Montevideo

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Uruguay's only real metropolis has its share of glitzy shopping avenues and modern office buildings. But few visitors come here specifically in search of urban pleasures. This city of 1½ million doesn't have the whirlwind vibe of Rio de Janeiro or Buenos Aires, but it's a fine old city with sumptuous, if worn, colonial architecture, and a massive coastal promenade that—as it passes fine beaches, restaurants, and numerous parks—recalls the sunny sophistications of the Mediterranean. In fact, if you've been to Buenos Aires, Montevideo may strike you as a smaller, more manageable, less expensive incarnation of Argentina's capital.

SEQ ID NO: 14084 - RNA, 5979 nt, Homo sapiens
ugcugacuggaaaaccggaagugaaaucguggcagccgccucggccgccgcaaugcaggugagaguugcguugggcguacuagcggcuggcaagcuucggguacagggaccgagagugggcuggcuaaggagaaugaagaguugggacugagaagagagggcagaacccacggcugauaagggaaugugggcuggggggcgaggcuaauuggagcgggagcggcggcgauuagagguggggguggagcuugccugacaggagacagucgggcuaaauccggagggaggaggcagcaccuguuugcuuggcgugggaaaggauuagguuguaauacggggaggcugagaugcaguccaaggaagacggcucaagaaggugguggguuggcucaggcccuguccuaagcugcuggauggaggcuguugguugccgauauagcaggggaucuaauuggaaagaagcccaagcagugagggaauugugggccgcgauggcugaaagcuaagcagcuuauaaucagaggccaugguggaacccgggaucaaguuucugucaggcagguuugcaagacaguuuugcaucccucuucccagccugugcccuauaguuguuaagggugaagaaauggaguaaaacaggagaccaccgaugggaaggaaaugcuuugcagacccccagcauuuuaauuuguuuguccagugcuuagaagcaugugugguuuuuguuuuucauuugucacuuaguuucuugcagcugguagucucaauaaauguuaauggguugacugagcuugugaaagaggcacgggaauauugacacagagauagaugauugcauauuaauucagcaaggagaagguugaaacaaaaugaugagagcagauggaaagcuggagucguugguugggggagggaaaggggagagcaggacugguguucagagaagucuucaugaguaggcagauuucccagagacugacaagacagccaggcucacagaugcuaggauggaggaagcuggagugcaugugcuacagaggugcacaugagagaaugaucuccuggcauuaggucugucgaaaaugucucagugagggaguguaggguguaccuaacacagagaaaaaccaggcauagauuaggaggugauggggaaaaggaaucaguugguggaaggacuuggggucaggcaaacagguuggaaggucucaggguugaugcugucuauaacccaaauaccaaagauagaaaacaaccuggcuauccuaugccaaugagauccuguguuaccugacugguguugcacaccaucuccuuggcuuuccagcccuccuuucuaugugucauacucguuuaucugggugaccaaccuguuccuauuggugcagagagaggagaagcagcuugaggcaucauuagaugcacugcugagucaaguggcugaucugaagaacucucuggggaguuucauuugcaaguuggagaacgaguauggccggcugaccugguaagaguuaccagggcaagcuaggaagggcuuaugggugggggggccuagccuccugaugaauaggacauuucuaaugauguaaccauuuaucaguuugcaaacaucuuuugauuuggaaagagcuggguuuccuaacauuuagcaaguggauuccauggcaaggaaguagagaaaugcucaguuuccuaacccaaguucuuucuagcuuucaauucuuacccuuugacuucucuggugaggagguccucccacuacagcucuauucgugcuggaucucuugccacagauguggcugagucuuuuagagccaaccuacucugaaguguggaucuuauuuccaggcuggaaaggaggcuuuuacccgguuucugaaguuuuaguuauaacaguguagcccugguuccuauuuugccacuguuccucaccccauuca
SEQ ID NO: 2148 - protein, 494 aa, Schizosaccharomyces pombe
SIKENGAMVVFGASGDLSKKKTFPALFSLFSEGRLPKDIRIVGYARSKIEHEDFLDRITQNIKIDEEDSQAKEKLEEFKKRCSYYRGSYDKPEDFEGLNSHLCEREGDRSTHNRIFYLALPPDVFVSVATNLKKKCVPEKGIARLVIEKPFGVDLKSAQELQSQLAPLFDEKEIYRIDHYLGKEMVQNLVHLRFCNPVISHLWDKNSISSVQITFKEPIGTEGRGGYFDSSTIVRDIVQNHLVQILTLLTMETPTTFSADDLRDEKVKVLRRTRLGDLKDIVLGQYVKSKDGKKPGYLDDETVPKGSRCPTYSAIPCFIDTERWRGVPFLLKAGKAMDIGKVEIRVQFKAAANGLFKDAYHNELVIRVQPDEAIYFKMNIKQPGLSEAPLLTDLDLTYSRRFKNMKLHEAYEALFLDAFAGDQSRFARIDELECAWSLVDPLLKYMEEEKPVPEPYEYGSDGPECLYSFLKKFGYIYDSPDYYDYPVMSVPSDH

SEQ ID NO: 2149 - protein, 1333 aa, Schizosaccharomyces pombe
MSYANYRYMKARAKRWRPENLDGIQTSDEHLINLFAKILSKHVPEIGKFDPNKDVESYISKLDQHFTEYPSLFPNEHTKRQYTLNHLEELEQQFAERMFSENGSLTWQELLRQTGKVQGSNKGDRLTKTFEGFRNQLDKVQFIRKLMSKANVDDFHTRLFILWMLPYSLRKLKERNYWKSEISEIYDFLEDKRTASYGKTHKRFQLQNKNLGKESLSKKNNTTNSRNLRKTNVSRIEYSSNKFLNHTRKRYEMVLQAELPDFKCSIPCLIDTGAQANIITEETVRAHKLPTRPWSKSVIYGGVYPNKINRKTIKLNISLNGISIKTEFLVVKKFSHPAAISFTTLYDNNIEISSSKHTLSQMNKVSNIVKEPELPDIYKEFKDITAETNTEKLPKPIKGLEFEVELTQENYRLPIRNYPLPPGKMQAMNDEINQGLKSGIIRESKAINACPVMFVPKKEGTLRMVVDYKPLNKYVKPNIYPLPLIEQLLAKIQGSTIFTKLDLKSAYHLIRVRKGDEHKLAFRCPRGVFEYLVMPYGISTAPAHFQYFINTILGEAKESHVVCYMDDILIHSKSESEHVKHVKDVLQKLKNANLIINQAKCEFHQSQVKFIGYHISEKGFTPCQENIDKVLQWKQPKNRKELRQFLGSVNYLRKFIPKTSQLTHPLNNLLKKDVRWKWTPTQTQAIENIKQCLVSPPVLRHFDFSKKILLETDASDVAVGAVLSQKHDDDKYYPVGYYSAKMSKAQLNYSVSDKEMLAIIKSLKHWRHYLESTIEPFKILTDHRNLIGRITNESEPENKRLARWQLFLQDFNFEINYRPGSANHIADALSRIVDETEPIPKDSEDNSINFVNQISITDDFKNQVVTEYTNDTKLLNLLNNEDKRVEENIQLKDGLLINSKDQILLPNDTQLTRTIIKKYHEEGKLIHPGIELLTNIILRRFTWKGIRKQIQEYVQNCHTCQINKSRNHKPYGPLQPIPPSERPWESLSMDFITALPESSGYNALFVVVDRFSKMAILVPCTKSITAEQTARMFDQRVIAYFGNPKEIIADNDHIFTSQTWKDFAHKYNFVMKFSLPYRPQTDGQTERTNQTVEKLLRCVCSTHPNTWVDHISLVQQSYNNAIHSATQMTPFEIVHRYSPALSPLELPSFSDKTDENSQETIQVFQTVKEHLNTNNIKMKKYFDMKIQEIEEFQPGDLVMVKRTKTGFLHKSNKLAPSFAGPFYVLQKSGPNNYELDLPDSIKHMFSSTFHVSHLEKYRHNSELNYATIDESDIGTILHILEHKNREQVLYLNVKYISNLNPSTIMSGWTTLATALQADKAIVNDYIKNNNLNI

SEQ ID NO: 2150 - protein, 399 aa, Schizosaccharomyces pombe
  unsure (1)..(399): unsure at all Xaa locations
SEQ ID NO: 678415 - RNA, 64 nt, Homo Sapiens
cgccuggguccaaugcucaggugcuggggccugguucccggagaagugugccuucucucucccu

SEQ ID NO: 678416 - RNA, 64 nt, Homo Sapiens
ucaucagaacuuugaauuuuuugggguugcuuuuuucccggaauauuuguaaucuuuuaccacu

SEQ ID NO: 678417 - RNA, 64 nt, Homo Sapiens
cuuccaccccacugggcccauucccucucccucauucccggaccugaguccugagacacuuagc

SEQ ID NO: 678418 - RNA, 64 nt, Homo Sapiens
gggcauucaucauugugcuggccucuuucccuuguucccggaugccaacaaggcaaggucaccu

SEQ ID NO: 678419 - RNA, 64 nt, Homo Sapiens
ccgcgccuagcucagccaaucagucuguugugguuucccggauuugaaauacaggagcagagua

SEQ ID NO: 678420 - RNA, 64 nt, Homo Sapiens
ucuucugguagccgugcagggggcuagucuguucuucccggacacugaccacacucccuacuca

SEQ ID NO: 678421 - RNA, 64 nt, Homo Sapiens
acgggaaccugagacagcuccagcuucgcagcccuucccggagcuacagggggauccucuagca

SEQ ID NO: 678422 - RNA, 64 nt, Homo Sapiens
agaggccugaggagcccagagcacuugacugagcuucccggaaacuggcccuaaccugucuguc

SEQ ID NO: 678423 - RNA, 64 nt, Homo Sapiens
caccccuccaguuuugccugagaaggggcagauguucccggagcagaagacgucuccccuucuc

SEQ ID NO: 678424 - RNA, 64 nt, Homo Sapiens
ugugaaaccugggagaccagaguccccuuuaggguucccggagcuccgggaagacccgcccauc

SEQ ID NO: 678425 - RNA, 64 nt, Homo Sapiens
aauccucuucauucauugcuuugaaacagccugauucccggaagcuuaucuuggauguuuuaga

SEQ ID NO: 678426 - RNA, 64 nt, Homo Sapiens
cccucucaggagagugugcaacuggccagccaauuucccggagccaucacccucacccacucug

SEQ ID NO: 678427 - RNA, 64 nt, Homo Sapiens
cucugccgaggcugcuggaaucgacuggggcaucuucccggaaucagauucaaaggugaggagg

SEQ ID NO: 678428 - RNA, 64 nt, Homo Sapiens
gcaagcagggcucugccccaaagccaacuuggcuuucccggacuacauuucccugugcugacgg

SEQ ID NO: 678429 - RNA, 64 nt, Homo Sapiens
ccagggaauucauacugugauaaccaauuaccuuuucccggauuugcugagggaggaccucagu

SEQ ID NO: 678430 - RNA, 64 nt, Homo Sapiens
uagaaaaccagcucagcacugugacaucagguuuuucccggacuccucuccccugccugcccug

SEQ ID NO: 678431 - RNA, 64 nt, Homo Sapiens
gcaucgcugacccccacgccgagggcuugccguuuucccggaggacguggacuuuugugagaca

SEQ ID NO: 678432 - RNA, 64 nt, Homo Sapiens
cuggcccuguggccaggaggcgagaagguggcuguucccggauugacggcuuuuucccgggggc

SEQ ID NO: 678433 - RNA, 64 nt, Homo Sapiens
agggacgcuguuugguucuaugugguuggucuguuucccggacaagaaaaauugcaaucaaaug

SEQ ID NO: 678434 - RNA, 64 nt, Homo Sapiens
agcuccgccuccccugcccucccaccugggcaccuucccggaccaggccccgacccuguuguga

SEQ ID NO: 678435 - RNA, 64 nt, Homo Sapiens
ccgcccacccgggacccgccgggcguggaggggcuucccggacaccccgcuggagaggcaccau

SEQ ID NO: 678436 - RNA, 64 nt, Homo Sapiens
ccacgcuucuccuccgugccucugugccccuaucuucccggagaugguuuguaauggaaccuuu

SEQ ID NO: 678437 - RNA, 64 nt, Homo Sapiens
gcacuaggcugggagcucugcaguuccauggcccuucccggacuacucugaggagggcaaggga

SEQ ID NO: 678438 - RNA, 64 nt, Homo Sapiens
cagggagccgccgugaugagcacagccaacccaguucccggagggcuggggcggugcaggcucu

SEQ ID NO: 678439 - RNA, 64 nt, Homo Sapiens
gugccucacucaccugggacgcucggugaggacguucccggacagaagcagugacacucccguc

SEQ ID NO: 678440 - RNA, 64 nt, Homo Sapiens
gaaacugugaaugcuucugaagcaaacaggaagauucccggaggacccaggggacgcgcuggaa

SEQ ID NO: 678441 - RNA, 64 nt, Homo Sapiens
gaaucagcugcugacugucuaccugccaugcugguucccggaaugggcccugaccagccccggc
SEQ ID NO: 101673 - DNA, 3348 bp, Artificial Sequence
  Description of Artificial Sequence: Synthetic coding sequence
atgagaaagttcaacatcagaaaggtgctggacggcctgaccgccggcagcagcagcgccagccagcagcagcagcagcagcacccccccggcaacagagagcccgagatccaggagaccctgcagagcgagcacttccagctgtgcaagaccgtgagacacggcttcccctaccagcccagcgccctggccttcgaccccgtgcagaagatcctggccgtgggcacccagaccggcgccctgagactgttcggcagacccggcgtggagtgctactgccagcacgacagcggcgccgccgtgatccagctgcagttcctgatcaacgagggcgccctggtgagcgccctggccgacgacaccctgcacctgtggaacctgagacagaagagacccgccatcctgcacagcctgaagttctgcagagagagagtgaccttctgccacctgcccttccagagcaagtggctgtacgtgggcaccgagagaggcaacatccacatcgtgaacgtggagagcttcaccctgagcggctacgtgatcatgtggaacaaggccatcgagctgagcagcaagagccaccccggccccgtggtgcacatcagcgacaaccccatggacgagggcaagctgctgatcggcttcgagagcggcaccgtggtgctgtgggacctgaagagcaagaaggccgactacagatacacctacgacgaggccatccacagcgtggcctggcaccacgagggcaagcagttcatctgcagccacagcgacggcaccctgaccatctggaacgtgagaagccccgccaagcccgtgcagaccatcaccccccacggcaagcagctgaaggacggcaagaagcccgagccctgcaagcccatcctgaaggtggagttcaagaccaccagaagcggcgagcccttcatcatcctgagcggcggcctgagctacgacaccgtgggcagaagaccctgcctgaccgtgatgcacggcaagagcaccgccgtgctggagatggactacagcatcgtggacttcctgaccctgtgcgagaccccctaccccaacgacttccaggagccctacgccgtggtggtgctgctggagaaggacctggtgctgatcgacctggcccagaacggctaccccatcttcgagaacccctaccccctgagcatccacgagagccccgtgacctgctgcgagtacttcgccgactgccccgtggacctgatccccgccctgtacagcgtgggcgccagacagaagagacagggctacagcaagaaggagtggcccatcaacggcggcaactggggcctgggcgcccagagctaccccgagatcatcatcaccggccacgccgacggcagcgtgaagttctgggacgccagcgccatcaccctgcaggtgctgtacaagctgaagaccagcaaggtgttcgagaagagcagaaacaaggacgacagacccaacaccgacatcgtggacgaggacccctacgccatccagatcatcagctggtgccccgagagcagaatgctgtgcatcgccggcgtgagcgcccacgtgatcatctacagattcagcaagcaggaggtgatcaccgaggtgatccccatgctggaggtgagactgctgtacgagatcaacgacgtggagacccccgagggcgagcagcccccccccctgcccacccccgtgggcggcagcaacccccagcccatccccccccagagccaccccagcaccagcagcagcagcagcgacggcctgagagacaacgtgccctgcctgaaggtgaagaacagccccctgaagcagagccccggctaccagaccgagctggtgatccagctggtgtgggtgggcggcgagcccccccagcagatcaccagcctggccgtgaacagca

Built along the eastern bank of the Río de la Plata (River of Silver), Montevideo takes full advantage of its location. When the weather's good, La Rambla, a 22-km (14-mi) waterfront avenue that links the Old City with the eastern suburbs and changes names about a dozen times, gets packed with fishermen, ice-cream vendors, and joggers. Around sunset, volleyball and football games wind down as couples begin to appear for evening strolls. Polls consistently rate Montevideo as having the highest quality of life of any city in Latin America. After one visit here, especially on a lovely summer evening, you just might agree.